Nextjournal's default R environment provides an up-to-date release of the language along with a collection of common packages to get you started quickly and easily. However, it is conceivable that you might want to use another version of R like Oracle's Java implementation called FastR.
This example demonstrates the flexibility transclusions afford the user. A FastR environment is built in this article and can transcluded as an R environment in another. For performance's sake, the author also installs an extension to the Java Virtual Machine called GraalVM. All of these implementation details can be ignored in all articles that use this environment, allowing the researcher to focus on their work
We start by downloading graal VM community edition from GitHub.
ln -s /usr/local/graalvm-ce-1.0.0-rc7/bin/java /usr/bin/java java -version
ln -s /usr/local/graalvm-ce-1.0.0-rc7/bin/gu /usr/bin/gu
OpenMP and GCC are required to run fastR.
apt-get update apt-get install -y libomp-dev gcc make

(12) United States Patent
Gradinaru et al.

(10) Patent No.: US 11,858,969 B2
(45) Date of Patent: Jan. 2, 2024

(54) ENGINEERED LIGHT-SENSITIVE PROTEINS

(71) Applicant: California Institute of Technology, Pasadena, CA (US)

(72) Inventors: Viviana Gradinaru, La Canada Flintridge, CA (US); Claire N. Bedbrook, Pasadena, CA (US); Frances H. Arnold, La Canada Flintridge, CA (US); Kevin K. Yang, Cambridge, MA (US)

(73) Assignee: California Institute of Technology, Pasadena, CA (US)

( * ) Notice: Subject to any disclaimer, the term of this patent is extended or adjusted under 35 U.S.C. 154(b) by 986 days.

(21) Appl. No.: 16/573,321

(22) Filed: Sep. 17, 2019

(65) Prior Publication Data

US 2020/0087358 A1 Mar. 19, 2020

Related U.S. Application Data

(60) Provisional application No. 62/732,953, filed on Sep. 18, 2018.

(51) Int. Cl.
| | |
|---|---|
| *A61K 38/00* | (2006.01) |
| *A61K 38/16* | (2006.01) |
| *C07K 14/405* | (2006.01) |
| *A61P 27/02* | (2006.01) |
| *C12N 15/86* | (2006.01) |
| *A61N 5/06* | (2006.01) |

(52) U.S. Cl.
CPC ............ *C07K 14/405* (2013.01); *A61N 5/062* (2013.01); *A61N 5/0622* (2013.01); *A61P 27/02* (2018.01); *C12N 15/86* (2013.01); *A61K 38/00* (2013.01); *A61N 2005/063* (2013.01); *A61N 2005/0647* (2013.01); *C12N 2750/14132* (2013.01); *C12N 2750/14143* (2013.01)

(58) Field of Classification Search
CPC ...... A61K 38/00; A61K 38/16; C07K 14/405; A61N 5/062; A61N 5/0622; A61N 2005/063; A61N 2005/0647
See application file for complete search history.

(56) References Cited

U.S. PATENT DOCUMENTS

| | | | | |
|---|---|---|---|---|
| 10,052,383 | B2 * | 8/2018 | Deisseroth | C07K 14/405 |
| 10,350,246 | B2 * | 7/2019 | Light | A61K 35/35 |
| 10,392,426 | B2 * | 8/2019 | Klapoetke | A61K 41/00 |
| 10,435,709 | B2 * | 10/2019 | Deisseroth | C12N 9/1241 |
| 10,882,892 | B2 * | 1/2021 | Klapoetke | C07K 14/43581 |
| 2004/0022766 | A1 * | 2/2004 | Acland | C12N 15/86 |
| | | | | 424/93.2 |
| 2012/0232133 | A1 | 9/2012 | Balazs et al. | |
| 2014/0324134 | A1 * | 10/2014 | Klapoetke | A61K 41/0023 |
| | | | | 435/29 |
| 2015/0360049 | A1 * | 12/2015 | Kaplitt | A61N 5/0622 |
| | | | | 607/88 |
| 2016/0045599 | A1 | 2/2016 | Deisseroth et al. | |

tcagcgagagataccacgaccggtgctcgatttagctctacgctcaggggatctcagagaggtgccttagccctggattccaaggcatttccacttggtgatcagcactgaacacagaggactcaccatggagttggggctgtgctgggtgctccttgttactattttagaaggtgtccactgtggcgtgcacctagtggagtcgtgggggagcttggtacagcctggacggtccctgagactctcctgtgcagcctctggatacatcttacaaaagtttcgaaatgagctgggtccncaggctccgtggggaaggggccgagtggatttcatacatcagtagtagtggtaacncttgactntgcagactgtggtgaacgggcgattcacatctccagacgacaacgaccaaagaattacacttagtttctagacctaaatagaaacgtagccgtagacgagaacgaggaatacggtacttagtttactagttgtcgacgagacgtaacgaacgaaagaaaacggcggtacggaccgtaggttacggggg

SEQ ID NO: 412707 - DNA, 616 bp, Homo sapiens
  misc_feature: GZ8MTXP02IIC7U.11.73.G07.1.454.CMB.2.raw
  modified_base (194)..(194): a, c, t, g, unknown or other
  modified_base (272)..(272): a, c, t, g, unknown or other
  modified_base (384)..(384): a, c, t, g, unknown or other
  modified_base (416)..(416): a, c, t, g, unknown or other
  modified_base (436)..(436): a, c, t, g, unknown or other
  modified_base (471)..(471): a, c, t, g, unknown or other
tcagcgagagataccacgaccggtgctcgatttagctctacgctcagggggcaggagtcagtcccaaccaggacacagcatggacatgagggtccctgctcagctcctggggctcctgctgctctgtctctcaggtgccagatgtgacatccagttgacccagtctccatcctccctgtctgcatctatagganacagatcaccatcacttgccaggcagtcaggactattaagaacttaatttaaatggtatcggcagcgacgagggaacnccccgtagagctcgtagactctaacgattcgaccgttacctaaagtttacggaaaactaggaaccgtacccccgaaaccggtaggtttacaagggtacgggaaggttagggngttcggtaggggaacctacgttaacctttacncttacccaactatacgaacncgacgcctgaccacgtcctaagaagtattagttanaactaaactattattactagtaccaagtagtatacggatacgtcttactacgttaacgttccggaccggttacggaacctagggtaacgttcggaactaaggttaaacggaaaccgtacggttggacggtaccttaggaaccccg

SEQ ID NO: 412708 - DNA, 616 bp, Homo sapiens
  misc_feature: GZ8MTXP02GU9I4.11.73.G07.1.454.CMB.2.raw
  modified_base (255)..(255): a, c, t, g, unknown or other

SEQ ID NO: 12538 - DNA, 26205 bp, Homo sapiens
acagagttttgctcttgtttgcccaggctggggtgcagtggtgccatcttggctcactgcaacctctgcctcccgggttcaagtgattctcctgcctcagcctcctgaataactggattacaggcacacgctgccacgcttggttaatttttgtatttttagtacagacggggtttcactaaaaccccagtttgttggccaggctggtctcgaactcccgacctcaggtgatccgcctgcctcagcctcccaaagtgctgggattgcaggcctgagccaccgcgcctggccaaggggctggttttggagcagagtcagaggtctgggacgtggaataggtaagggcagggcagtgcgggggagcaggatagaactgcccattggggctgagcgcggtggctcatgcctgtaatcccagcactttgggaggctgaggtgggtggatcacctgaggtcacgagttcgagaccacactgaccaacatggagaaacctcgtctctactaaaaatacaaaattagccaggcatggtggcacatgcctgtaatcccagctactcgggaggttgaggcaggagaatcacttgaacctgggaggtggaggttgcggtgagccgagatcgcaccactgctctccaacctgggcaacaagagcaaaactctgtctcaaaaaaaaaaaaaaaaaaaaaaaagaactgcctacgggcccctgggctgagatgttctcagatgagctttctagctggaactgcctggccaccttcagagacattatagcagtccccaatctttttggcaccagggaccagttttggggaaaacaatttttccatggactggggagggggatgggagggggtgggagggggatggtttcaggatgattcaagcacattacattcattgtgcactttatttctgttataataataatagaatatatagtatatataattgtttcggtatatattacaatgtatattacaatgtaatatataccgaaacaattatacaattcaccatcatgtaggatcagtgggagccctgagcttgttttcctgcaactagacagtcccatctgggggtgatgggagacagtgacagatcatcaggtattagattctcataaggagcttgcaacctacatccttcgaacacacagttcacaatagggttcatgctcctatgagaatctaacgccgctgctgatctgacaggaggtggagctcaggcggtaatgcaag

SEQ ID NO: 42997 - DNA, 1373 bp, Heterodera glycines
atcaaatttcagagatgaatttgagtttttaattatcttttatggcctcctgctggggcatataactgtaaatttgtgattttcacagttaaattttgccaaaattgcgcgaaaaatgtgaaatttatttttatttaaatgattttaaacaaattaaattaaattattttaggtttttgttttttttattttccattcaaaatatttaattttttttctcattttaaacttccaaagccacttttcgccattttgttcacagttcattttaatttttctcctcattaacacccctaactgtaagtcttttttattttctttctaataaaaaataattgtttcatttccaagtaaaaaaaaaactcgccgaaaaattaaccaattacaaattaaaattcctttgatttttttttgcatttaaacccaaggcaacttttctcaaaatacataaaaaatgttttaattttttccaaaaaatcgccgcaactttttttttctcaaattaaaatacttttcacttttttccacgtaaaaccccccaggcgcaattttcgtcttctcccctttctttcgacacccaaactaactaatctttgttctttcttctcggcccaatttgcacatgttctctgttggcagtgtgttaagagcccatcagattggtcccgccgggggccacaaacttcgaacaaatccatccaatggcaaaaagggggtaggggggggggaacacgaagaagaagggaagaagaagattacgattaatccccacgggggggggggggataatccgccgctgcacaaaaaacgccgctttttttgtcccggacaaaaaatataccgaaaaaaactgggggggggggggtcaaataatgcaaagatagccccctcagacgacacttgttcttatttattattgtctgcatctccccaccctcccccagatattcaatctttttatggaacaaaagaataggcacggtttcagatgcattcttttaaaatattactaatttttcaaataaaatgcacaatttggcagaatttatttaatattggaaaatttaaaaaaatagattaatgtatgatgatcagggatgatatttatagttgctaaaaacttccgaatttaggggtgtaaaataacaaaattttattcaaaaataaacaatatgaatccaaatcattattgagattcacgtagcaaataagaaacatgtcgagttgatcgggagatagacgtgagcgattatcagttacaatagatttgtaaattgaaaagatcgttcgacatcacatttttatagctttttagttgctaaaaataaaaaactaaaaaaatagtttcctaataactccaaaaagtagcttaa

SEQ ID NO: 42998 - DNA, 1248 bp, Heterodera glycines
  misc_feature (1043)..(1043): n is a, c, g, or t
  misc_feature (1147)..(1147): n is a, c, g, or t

Let's install python and R.
gu install org.graalvm.python gu install org.graalvm.R
Let's confirm we can use R.
ln -s /usr/local/graalvm-ce-1.0.0-rc7/jre/languages/R/bin/R /usr/bin/R
R --help --no-save
We link the
graalpython executable so it's availble as just
ln -s /usr/local/graalvm-ce-1.0.0-rc7/jre/languages/python/bin/graalpython /usr/bin/python
Let's test that python works:
The nextjournal runtime requires jsonlite to be installed.
apt-get install libcurl4-openssl-dev zlib1g-dev libssl-dev -y
R -e 'install.packages(c("base64enc", "jsonlite", "feather", "devtools", "tidyverse", "plotly", "svglite"))'
R -e 'devtools::install_github("hadley/ggplot2")'
2. Using fastR
Let's try running GraalVM's R by creating an R code cell that uses the GraalVM environment created above:
c(1, 2, 3)
And, we're running fastR! 🎉